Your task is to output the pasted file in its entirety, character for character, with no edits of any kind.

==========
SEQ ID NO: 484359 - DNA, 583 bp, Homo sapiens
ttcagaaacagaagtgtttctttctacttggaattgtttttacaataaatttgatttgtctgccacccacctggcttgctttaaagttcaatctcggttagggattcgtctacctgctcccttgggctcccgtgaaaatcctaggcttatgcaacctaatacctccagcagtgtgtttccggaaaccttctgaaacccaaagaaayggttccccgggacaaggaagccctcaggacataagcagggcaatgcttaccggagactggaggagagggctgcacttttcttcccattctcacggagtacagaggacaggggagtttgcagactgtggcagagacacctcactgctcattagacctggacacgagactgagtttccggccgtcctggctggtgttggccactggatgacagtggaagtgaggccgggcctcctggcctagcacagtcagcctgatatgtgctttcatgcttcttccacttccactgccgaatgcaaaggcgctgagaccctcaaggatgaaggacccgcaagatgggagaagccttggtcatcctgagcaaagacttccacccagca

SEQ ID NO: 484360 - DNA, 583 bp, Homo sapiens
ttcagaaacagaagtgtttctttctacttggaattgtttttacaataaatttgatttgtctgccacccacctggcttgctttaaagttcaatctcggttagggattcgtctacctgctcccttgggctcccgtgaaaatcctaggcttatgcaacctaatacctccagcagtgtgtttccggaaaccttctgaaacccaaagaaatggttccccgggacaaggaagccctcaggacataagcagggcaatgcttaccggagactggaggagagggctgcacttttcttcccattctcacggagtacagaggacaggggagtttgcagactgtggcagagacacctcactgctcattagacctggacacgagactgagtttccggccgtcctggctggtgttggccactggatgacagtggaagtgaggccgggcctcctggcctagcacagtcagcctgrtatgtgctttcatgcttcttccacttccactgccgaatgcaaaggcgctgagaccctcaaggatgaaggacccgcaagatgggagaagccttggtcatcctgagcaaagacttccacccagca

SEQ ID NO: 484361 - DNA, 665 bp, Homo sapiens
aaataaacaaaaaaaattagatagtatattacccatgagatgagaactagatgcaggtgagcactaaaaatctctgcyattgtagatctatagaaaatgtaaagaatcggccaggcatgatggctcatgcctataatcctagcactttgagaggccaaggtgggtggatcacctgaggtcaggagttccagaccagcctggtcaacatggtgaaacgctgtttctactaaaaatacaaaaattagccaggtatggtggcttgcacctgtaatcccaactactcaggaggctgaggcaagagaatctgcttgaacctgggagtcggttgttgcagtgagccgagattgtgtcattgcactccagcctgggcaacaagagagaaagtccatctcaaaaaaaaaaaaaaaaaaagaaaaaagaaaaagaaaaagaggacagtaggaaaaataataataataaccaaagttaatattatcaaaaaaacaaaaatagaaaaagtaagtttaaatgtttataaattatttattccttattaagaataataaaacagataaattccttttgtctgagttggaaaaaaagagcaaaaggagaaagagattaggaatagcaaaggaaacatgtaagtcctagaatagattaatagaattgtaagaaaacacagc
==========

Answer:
SEQ ID NO: 484359 - DNA, 583 bp, Homo sapiens
ttcagaaacagaagtgtttctttctacttggaattgtttttacaataaatttgatttgtctgccacccacctggcttgctttaaagttcaatctcggttagggattcgtctacctgctcccttgggctcccgtgaaaatcctaggcttatgcaacctaatacctccagcagtgtgtttccggaaaccttctgaaacccaaagaaayggttccccgggacaaggaagccctcaggacataagcagggcaatgcttaccggagactggaggagagggctgcacttttcttcccattctcacggagtacagaggacaggggagtttgcagactgtggcagagacacctcactgctcattagacctggacacgagactgagtttccggccgtcctggctggtgttggccactggatgacagtggaagtgaggccgggcctcctggcctagcacagtcagcctgatatgtgctttcatgcttcttccacttccactgccgaatgcaaaggcgctgagaccctcaaggatgaaggacccgcaagatgggagaagccttggtcatcctgagcaaagacttccacccagca

SEQ ID NO: 484360 - DNA, 583 bp, Homo sapiens
ttcagaaacagaagtgtttctttctacttggaattgtttttacaataaatttgatttgtctgccacccacctggcttgctttaaagttcaatctcggttagggattcgtctacctgctcccttgggctcccgtgaaaatcctaggcttatgcaacctaatacctccagcagtgtgtttccggaaaccttctgaaacccaaagaaatggttccccgggacaaggaagccctcaggacataagcagggcaatgcttaccggagactggaggagagggctgcacttttcttcccattctcacggagtacagaggacaggggagtttgcagactgtggcagagacacctcactgctcattagacctggacacgagactgagtttccggccgtcctggctggtgttggccactggatgacagtggaagtgaggccgggcctcctggcctagcacagtcagcctgrtatgtgctttcatgcttcttccacttccactgccgaatgcaaaggcgctgagaccctcaaggatgaaggacccgcaagatgggagaagccttggtcatcctgagcaaagacttccacccagca

SEQ ID NO: 484361 - DNA, 665 bp, Homo sapiens
aaataaacaaaaaaaattagatagtatattacccatgagatgagaactagatgcaggtgagcactaaaaatctctgcyattgtagatctatagaaaatgtaaagaatcggccaggcatgatggctcatgcctataatcctagcactttgagaggccaaggtgggtggatcacctgaggtcaggagttccagaccagcctggtcaacatggtgaaacgctgtttctactaaaaatacaaaaattagccaggtatggtggcttgcacctgtaatcccaactactcaggaggctgaggcaagagaatctgcttgaacctgggagtcggttgttgcagtgagccgagattgtgtcattgcactccagcctgggcaacaagagagaaagtccatctcaaaaaaaaaaaaaaaaaaagaaaaaagaaaaagaaaaagaggacagtaggaaaaataataataataaccaaagttaatattatcaaaaaaacaaaaatagaaaaagtaagtttaaatgtttataaattatttattccttattaagaataataaaacagataaattccttttgtctgagttggaaaaaaagagcaaaaggagaaagagattaggaatagcaaaggaaacatgtaagtcctagaatagattaatagaattgtaagaaaacacagc